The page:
Sarah Russell

Sarah Russell

Q: I’m a competitive cyclist and am extremely fit, however when I run, I get a pain in my foot. I’m keen to keep trying as I enjoy the variety of training, but I’m not sure what to do with my foot? any ideas.

Thanks Carl, Somerset

A: Thanks for a really interesting question.  Firstly I’d urge you to see a good sports physio to check your foot out and get some treatment, exercise prescription or massage which might help. Secondly go along to your local running shop and make sure you’re wearing the right running shoes and that they fit well and are comfortable. There are a few things to consider here. As you’re already very fit (and especially as a cyclist), you’ll probably find running very easy. But your musculoskeletal system lags behind your cardiovascular system by some months, so whilst it feels easy, your muscles, tendons and joints need a bit more time to catch up and get used to the impact and new movement pattern. You’ll have to keep the reigns on – keep the pace nice and easy, add in plenty of walk breaks and build up with short distances – as your body won’t be used to the impact nature of running. So whilst it’s frustrating, take the time to build up slowly and allow your body to catch up with your fitness – almost like a beginner to running would do.  Maybe just try a couple of runs per week to begin with and keep an eye on distance and pace. It will just take a bit of time to transition to the new movement and high impact stress on your body, so be patient.  It wouldn’t hurt to throw in some running specific strength work as well.. squats, lunges etc, where you’re on your feet rather than using machines or sitting.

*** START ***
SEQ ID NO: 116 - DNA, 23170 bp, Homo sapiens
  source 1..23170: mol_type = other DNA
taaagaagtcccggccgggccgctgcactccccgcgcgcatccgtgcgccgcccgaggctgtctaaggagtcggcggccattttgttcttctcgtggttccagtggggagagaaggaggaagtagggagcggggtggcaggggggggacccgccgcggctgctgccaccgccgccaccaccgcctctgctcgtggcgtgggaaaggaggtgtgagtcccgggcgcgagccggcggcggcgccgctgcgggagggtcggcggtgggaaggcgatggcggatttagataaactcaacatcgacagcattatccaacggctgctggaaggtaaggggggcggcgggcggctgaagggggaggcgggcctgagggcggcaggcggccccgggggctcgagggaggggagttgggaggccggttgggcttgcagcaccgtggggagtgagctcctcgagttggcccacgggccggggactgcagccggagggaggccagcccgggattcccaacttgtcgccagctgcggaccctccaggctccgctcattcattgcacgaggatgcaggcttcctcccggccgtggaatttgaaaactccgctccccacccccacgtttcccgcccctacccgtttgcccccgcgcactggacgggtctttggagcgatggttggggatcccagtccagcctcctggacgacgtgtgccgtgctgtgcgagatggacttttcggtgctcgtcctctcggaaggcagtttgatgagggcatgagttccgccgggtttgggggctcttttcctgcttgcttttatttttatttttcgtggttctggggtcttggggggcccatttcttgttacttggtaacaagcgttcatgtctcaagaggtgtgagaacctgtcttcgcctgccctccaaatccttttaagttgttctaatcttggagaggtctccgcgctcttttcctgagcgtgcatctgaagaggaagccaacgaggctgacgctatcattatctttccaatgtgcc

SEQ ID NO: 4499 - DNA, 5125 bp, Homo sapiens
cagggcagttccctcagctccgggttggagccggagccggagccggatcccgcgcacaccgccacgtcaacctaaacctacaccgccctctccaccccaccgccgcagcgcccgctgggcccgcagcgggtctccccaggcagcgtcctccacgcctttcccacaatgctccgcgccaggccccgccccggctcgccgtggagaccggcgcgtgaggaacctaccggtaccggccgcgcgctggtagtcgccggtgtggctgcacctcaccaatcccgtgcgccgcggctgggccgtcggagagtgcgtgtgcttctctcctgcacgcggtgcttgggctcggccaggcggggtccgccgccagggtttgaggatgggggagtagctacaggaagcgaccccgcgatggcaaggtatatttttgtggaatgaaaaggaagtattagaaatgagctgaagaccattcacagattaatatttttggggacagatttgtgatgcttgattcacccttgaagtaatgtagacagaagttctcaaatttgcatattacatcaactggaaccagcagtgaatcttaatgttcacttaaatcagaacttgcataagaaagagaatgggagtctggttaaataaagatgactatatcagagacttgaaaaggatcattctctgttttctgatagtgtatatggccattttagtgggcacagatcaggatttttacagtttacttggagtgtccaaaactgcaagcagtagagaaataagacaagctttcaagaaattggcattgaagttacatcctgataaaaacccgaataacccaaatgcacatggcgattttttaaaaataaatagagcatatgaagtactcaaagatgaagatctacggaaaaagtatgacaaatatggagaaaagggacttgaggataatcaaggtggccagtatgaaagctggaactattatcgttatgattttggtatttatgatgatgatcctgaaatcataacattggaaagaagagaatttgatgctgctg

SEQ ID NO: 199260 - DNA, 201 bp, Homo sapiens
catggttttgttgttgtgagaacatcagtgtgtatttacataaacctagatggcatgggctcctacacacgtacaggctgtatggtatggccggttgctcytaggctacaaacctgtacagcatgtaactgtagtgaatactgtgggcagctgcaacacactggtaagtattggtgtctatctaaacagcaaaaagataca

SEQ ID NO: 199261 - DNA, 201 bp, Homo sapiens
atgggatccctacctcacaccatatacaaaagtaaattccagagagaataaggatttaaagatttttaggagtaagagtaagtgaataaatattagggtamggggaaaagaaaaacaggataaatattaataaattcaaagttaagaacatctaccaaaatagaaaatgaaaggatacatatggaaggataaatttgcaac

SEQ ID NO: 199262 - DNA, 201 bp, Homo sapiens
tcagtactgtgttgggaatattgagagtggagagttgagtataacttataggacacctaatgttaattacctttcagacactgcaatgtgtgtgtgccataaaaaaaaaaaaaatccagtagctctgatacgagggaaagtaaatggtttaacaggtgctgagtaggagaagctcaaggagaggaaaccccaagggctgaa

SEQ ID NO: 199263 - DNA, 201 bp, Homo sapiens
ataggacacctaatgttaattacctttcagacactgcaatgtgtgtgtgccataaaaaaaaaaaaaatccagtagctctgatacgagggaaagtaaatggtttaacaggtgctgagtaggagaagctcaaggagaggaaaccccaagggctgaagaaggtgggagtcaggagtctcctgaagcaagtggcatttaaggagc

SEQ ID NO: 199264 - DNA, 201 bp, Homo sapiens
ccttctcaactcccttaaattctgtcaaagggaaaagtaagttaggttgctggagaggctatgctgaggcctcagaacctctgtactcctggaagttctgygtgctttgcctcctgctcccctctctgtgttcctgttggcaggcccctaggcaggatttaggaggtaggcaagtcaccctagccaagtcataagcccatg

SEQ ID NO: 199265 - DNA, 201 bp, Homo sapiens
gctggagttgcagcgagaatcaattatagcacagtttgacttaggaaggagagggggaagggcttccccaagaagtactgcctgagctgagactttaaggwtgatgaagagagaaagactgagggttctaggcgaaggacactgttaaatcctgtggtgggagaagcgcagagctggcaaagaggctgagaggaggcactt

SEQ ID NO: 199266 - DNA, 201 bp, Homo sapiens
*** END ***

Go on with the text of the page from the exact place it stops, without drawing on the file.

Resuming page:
Also as a cyclist, it’s likely that you’ll be dominant (and/or tight) in certain muscles groups which may affect your running form and posture. Cyclists tend to be tight in the hip flexors and quads and calves, which can affect your pelvis position. The pelvis is the epicentre of the body and everything ultimately is affected by it’s position. If it’s not functioning or in the wrong position, the result can be a knee problem, or something even further away in the foot. It’s likely your foot problem is simply a symptom of some biomechanical imbalances elsewhere. I’d recommend you work really hard on foam rolling your quads (get right up into your hip flexors), calves and use a massage ball in your glutes and hips to try and release the pelvic muscles – and do it daily! Make sure you warm up properly with 5-10 minutes of leg swings, lunges, bum kicks etc, which will engage and activate your muscles prepping your body for your run. Includes lots of drills as part of your warm up – fast feet, bum kicks, skips etc – to teach your body good form and reinforce good running technique.. which will be new to you.

With regards specifically to your foot, look for tightness in your calves – and roll and stretch accordingly – but also release the tightness in the sole of your foot with a massage ball or golf ball. Roll the bottom of your foot a few times a day to release the muscles and fascia.

The great news is that as a highly trained cyclist, once you transition to running, you’ll enjoy huge benefits from your existing fitness. You’ll find you’ll have a huge capacity for longer distances and will be strong and able to push yourself. Cyclists understand cadence and often find that when they run they can hit a lovely quick pace and will run with a high cadence naturally as it’s been reinforced on the bike.  Just hold back initially and be patient.. and it will come. And if you consider taking up swimming as well.. you’ll probably find you’ll be strong at triathlon too. Good luck.

Our expert, Sarah Russell, has over 20 years experience in the fitness industry as a running coach, trainer, freelance writer and athlete. She has a Masters degree in Sport Science and is a England Athletics running coach